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Complexity of the decision-making process of ambulance staff for assessment and referral of older people who have fallen: a qualitative study
  1. Mary Halter1,
  2. Susan Vernon2,
  3. Helen Snooks3,
  4. Alison Porter3,
  5. Jacqueline Close4,
  6. Fionna Moore5,
  7. Simon Porsz6
  1. 1Faculty of Health and Social Care Sciences, Kingston University and St George's, University of London, London, UK
  2. 2Bentleigh Bayside Community Health, Melbourne, Australia
  3. 3Centre for Health Information, Research and Evaluation, Swansea University, Swansea, UK
  4. 4Prince of Wales Hospital and Prince of Wales Medical Research Institute, University of New South Wales, Sydney, Australia
  5. 5London Ambulance Service NHS Trust, London, UK
  6. 6Royal Free Hampstead NHS Trust, London, UK
  1. Correspondence to Mary Halter, Faculty of Health and Social Care Sciences, Kingston University and St George's, University of London, Grosvenor Wing, London SW17 0RE, UK; m.halter{at}sgul.kingston.ac.uk

Abstract

Background Older people who fall commonly present to the emergency ambulance service, and approximately 40% are not conveyed to the emergency department (ED), despite an historic lack of formal training for such decisions. This study aimed to understand the decision-making processes of emergency ambulance staff with older people who have fallen.

Methods During 2005 ambulance staff in London tested a clinical assessment tool for use with the older person who had fallen. Documented use of the tool was low. Following the trial, 12 staff participated in semistructured interviews. Interviews were recorded and transcribed. Thematic analysis was carried out.

Results The interviews revealed a similar assessment and decision-making process among participants:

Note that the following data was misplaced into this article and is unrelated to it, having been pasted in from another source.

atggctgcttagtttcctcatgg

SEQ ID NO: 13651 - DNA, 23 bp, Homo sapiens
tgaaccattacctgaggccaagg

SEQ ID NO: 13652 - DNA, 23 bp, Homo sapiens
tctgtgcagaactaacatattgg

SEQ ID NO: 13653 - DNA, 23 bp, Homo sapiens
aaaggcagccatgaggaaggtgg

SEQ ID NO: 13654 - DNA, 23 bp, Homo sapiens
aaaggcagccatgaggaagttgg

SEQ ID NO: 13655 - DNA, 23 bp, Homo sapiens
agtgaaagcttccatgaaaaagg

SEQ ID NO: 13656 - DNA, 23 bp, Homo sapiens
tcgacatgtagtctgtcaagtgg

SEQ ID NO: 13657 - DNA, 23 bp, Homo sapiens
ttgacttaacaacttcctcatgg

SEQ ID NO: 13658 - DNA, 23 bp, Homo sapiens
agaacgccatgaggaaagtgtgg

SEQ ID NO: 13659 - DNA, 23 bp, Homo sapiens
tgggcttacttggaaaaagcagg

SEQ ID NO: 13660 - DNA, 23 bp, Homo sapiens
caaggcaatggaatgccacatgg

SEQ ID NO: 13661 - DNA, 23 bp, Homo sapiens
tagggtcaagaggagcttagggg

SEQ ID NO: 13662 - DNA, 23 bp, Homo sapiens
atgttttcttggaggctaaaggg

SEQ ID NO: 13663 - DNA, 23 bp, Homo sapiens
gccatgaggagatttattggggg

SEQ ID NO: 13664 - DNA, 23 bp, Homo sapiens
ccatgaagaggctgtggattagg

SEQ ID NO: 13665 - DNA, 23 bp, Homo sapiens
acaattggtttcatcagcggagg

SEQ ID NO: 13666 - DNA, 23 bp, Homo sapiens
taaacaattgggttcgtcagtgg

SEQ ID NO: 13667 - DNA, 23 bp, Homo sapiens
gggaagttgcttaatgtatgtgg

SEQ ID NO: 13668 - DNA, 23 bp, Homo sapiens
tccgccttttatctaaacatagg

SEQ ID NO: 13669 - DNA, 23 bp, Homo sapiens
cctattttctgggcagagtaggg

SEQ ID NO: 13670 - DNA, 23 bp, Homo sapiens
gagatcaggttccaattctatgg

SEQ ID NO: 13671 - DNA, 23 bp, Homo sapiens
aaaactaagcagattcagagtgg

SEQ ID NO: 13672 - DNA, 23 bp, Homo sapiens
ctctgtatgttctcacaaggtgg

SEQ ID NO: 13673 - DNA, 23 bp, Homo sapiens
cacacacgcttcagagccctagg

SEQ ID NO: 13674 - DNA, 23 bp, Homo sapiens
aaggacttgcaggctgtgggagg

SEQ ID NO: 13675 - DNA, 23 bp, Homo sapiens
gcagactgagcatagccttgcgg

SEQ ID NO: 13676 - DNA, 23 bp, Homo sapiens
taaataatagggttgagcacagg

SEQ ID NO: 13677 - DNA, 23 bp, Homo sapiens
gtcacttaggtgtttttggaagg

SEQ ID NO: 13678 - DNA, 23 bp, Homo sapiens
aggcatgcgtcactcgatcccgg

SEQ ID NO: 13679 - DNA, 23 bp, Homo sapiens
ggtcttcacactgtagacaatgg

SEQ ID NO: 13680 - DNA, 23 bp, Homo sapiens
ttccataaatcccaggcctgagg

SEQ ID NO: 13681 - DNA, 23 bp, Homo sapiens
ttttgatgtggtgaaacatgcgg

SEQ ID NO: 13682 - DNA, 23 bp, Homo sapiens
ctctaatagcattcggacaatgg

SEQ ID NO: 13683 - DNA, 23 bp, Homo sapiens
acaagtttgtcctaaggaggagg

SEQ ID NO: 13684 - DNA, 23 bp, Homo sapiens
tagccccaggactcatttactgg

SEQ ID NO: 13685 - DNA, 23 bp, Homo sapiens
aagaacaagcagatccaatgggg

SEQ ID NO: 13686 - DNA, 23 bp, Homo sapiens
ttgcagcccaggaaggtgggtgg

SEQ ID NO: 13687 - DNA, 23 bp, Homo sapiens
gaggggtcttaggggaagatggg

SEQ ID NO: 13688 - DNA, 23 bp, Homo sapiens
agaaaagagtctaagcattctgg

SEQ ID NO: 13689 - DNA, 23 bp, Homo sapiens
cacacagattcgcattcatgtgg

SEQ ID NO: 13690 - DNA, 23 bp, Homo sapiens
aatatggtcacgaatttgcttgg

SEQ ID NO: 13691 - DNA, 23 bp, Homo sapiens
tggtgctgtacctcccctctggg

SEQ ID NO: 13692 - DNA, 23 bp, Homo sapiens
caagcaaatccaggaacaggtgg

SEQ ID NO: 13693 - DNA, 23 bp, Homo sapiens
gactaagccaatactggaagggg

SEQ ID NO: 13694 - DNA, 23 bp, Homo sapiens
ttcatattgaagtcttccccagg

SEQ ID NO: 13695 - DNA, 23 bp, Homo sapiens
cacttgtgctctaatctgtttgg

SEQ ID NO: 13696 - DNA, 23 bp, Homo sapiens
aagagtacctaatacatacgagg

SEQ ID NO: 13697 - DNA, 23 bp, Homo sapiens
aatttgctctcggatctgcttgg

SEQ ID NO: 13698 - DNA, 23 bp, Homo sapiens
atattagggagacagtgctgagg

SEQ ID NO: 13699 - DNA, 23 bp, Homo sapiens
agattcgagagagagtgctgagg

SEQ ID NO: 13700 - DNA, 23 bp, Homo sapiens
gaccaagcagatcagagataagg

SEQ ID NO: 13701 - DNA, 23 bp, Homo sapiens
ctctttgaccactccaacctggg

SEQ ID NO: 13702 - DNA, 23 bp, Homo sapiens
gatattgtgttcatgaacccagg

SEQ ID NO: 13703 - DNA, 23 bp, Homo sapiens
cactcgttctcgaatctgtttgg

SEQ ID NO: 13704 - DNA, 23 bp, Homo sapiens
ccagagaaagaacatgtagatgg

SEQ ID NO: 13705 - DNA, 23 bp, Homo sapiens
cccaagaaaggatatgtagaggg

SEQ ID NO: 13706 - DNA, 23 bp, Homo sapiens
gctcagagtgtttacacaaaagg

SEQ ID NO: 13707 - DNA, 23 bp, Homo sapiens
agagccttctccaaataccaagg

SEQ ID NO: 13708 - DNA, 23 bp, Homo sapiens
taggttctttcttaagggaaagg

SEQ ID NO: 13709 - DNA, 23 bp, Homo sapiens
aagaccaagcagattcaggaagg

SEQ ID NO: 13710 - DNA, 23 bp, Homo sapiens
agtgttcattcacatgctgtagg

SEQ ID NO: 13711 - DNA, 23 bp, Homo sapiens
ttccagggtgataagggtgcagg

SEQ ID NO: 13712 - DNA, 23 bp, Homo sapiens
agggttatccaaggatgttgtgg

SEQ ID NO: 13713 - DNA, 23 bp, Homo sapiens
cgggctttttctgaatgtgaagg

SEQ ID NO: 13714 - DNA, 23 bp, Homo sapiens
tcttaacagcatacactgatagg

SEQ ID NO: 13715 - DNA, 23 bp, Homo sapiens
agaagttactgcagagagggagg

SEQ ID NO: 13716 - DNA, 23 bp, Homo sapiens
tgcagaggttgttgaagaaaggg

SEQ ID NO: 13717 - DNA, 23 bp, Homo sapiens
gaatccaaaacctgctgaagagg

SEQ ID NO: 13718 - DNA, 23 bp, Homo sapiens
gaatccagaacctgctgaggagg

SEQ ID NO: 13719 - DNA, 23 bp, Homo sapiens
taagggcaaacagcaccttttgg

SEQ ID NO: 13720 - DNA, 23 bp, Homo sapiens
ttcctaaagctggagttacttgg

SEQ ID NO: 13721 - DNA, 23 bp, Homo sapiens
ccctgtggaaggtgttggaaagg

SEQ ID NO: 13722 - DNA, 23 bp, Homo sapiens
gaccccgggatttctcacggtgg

▶ Prearrival: forming an early opinion from information from the emergency call.

▶ Initial contact: assessing the need for any immediate action and establishing a rapport.

▶ Continuing assessment: gathering and assimilating medical and social information.

▶ Making a conveyance decision: negotiation, referral and professional defence, using professional experience and instinct.

Conclusions An assessment process was described that highlights the complexity of making decisions about whether or not to convey older people who fall and present to the emergency ambulance service, and a predominance of informal decision-making processes. The need for support for ambulance staff in this area was highlighted, generating a significant challenge to those with education roles in the ambulance service. Further research is needed to look at how new care pathways, which offer an alternative to the ED may influence decision making around non-conveyance.

  • Accidental falls
  • emergency medical services–triage
  • emergency medical technicians
  • health services for the aged
  • decision making
  • clinical assessment
  • emergency care systems
  • admission avoidance
  • nursing
  • pre-hospital
  • paramedics
  • guidelines
  • research

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Footnotes

  • Funding The study was funded by the Department of Health Research Programme to Support Implementation of the National Service Framework for Older People. The funding body did not contribute to the study design, to the collection, analysis and interpretation of the data or to the writing of the manuscript.

  • Competing interests None.

  • Ethics approval This study was conducted with the approval of the Metropolitan Multi-Centre Research Ethics Committee.

  • Provenance and peer review Not commissioned; externally peer reviewed.

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